Okay, so one of the biggest changes in my life in recent months: I’ve stopped practicing asana.
I have a chronic and persistent back condition. After a few years of intermittent back pain, three years ago I was diagnosed with degerative disc disease (the disc between my L5 and sacrum had degenerated and the vertebrae had started to fuse together). I’ve managed it with chiropractic treatments, strengthening exercises and a constant practice of awareness. And I continued to persist with my asana practice. After all, it was my practice, and it was essential to my physical, emotional and spiritual well-being.
Despite my efforts, my back periodically went “out” (I still don’t really know what that means) and I couldn’t pinpoint it to a specific activity. It just seemed to happen. But a couple of months ago, I did a twist wrong and my back went out. O.U.T. I was in acute pain for two weeks and it took multiple chiro visits and intensive therapy to get myself back to normal. This was the first time that I had seen a direct connection between my practice and my pain, and it freaked me out.
Then my chiropractor gave me the ultimate prescription: no asana (well, she said “no yoga,” but you know, whatever). Since my practice inspires my teaching, I cut back on my teaching as well, only offering one super gentle community class and working with a few private students. On my own, I admit that I cheat sometimes and get a little crazy with Tadasana (Mountain Pose). I also haven’t abandoned Savasana, and anything that involves piles of blankets, blocks and bolsters.
But in the past few months, I’ve been in a place of inquiry: What is my practice? What does asana mean to me? What is yoga?
I’m still figuring it out, and I’ll be using this blog space to explore these questions. Asana has served me well over the years. It helped me cope with stress as a university student, homesickness while living overseas, quarter century crisis depression – and in the past five years, since I committed to a regular Anusara practice, I’ve become stronger and more flexible than I ever imagined. I’ve stood on my hands, dropped into backbends, balanced on my forearms.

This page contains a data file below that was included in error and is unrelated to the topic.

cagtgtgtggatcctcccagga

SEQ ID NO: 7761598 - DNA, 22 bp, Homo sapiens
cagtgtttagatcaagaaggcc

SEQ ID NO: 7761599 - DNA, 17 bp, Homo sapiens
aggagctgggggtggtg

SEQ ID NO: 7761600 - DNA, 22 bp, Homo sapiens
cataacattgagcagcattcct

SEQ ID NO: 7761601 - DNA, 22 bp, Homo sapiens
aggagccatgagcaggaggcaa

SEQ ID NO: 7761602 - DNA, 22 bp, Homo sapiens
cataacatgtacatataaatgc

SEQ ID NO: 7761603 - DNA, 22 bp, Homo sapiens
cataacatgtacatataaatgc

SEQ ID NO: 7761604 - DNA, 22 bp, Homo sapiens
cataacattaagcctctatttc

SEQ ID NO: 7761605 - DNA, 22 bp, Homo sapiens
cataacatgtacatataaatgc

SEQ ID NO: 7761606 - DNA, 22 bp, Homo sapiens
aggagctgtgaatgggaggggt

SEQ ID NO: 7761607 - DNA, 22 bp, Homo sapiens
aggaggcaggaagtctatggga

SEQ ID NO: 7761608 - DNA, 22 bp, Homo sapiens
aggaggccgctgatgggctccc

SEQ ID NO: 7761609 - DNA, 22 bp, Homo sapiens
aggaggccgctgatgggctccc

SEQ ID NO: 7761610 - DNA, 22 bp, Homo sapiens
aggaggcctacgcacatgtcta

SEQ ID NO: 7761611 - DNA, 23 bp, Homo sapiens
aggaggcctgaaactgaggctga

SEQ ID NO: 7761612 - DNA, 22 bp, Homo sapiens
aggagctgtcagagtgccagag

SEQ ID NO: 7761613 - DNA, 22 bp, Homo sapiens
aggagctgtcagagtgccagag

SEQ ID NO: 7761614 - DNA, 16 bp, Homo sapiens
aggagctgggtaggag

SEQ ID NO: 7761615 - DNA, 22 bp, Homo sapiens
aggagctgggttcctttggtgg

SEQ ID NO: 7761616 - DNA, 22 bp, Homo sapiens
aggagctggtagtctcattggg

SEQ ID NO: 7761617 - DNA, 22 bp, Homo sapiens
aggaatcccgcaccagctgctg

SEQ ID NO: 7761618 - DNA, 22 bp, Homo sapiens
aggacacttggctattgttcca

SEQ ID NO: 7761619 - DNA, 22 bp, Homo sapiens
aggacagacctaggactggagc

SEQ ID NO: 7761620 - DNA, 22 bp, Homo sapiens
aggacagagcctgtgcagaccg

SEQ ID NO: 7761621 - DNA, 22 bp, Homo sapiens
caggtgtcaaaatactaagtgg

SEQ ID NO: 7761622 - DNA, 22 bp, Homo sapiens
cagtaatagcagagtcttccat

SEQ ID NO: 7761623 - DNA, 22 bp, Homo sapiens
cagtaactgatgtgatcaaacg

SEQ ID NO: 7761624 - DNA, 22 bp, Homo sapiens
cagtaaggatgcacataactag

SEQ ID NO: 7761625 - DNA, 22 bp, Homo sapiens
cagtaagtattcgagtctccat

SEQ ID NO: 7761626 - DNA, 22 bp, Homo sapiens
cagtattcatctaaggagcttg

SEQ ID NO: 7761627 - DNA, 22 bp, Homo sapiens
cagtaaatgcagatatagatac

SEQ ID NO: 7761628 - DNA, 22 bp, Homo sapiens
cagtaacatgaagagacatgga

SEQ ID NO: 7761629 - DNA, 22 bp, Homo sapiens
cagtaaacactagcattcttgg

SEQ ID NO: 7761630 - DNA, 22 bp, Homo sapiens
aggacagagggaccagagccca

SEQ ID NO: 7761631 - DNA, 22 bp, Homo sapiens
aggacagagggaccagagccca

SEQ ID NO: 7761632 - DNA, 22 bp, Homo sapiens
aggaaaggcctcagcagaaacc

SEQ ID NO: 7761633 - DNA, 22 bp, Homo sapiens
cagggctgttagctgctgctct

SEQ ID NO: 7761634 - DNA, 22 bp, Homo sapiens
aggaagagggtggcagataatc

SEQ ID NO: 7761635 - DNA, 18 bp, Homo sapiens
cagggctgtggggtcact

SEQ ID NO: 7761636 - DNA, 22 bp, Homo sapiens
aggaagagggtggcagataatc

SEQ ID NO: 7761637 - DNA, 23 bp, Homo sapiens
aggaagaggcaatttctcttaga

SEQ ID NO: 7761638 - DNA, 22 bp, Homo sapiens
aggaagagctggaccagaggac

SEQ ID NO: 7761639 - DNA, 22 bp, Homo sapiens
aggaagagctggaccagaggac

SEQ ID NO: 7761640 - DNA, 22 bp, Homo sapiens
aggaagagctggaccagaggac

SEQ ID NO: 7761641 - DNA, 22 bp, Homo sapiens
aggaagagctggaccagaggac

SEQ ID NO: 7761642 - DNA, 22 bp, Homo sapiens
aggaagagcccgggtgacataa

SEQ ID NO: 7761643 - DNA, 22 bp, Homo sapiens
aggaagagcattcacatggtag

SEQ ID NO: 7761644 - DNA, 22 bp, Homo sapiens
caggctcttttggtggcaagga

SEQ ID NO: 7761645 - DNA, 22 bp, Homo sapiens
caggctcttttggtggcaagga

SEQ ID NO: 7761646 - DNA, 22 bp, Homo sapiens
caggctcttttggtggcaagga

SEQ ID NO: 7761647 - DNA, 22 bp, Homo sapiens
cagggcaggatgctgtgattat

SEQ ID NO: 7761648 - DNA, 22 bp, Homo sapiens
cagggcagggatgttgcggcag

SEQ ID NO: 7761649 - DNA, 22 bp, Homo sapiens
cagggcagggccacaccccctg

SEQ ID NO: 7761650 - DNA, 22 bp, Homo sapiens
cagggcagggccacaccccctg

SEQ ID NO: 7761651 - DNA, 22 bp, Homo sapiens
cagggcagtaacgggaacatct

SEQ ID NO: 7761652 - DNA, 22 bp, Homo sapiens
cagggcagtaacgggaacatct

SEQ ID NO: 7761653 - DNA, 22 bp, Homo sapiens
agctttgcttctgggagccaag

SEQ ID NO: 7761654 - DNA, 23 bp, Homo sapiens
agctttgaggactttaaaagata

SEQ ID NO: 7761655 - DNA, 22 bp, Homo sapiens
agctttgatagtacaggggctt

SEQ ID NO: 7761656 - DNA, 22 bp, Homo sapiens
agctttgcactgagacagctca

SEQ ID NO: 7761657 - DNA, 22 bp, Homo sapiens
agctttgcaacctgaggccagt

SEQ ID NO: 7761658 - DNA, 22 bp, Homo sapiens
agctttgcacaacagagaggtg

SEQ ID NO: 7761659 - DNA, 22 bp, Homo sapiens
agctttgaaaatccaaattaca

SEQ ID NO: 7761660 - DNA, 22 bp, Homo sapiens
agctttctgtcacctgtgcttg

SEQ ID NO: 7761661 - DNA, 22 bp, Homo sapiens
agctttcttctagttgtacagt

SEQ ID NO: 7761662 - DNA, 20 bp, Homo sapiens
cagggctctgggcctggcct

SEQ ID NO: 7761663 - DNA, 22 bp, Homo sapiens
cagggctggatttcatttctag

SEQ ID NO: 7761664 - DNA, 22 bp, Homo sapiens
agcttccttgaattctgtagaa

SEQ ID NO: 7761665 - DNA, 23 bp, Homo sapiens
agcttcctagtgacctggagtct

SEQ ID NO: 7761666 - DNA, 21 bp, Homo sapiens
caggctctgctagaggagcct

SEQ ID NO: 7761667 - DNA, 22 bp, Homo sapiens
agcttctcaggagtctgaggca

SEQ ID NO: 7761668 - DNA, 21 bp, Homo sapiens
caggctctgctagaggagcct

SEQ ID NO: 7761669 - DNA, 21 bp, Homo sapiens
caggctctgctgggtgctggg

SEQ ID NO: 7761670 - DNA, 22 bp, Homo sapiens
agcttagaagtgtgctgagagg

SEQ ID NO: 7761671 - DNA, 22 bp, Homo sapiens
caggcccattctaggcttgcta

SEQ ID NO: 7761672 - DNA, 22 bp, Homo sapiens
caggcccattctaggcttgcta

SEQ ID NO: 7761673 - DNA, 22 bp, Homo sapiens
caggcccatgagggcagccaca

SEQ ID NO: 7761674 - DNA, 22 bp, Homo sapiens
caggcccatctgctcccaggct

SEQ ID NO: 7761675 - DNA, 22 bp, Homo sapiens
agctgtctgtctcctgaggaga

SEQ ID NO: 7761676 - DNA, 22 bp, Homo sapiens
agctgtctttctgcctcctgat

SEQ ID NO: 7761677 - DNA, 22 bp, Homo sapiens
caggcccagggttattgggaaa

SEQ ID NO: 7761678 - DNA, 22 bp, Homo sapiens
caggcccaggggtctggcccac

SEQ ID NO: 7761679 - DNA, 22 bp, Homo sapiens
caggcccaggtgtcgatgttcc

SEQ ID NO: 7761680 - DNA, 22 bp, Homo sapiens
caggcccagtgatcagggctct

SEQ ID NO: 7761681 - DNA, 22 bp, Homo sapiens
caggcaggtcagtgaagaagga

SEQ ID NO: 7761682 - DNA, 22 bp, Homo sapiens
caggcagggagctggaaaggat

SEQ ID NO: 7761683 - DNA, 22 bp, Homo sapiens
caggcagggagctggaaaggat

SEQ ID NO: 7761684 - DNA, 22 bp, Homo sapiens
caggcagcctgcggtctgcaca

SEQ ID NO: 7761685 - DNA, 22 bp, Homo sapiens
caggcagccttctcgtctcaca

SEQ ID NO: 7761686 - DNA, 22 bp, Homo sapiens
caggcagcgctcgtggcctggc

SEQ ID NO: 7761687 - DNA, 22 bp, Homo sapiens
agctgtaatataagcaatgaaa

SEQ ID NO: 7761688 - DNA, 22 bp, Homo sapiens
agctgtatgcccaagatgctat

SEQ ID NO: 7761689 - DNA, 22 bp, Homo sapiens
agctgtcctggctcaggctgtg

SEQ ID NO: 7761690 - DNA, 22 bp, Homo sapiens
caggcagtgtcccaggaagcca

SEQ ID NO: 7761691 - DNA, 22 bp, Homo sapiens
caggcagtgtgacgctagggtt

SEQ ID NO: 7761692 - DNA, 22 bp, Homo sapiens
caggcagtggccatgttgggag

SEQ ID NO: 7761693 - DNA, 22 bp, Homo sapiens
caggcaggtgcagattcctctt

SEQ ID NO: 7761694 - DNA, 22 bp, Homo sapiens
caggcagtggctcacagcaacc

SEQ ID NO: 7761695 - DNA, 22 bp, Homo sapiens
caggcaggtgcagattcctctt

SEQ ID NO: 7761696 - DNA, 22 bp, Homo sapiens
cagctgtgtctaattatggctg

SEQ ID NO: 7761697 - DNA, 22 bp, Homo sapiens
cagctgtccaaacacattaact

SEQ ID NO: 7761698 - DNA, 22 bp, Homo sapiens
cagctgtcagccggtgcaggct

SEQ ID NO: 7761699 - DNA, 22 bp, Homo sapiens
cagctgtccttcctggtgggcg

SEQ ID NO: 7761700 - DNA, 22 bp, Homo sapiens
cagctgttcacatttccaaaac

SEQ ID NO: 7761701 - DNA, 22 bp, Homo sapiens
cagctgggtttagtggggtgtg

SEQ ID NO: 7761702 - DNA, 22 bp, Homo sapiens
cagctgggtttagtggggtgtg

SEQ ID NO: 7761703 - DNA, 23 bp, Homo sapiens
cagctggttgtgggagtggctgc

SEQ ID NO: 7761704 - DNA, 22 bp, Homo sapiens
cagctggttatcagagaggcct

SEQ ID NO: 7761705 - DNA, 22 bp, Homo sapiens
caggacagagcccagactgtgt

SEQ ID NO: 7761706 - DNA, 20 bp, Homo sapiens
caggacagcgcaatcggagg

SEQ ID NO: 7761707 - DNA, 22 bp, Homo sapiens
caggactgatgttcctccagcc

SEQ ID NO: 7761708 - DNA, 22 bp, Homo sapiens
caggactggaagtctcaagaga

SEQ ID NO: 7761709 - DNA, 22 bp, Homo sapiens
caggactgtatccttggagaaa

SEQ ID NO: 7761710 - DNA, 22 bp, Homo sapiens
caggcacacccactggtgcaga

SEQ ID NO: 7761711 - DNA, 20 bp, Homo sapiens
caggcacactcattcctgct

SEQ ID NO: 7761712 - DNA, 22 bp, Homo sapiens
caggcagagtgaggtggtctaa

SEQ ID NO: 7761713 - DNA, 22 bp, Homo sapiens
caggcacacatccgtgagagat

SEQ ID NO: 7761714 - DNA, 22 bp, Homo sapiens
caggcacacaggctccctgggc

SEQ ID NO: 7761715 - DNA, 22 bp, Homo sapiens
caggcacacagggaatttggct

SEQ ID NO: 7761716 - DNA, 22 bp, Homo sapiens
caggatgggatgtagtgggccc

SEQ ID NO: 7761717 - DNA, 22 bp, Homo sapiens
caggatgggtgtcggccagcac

Asana was also the first body practice that I’ve been able to commit to. I spent the first twenty years of my life disconnected from my body – as a sedentary child and teenager, I had to learn how to move my body and asana was my tool. There are definitely things I miss about regular asana classes: the ritualized space, community, friends. After a couple of months with no practice, I’m noticing changes in my body. I can’t stretch my legs as far, I’m less bendy, I feel a little less grounded. Most importantly, I’m not in pain.
I have to admit, I kind of like the idea of being a yoga blogger who doesn’t practice asana. I like the idea of being a voice for the yoga of service and engaged living, and to use this blog as a way to put forward an expansive view of what yoga can be. I’m not anti-asana, I still think that it’s awesome and powerful, and it’s an amazing entry point to all the other benefits of yoga. But my body has spoken (shrieked, actually) and it has said: no asana.
Now all of my practice is “off the mat.” Even though I actually get on my mat every morning, but what I do there is barely yoga. There are a few asana-type things, with a little physio, a little pilates, a little breathwork. I still use this space on the mat to create a contemplative space, set an intention and practice awareness. I’m hoping that it’s a temporary break-up and that asana and I can get back together one of these days. We’ll have to see what happens.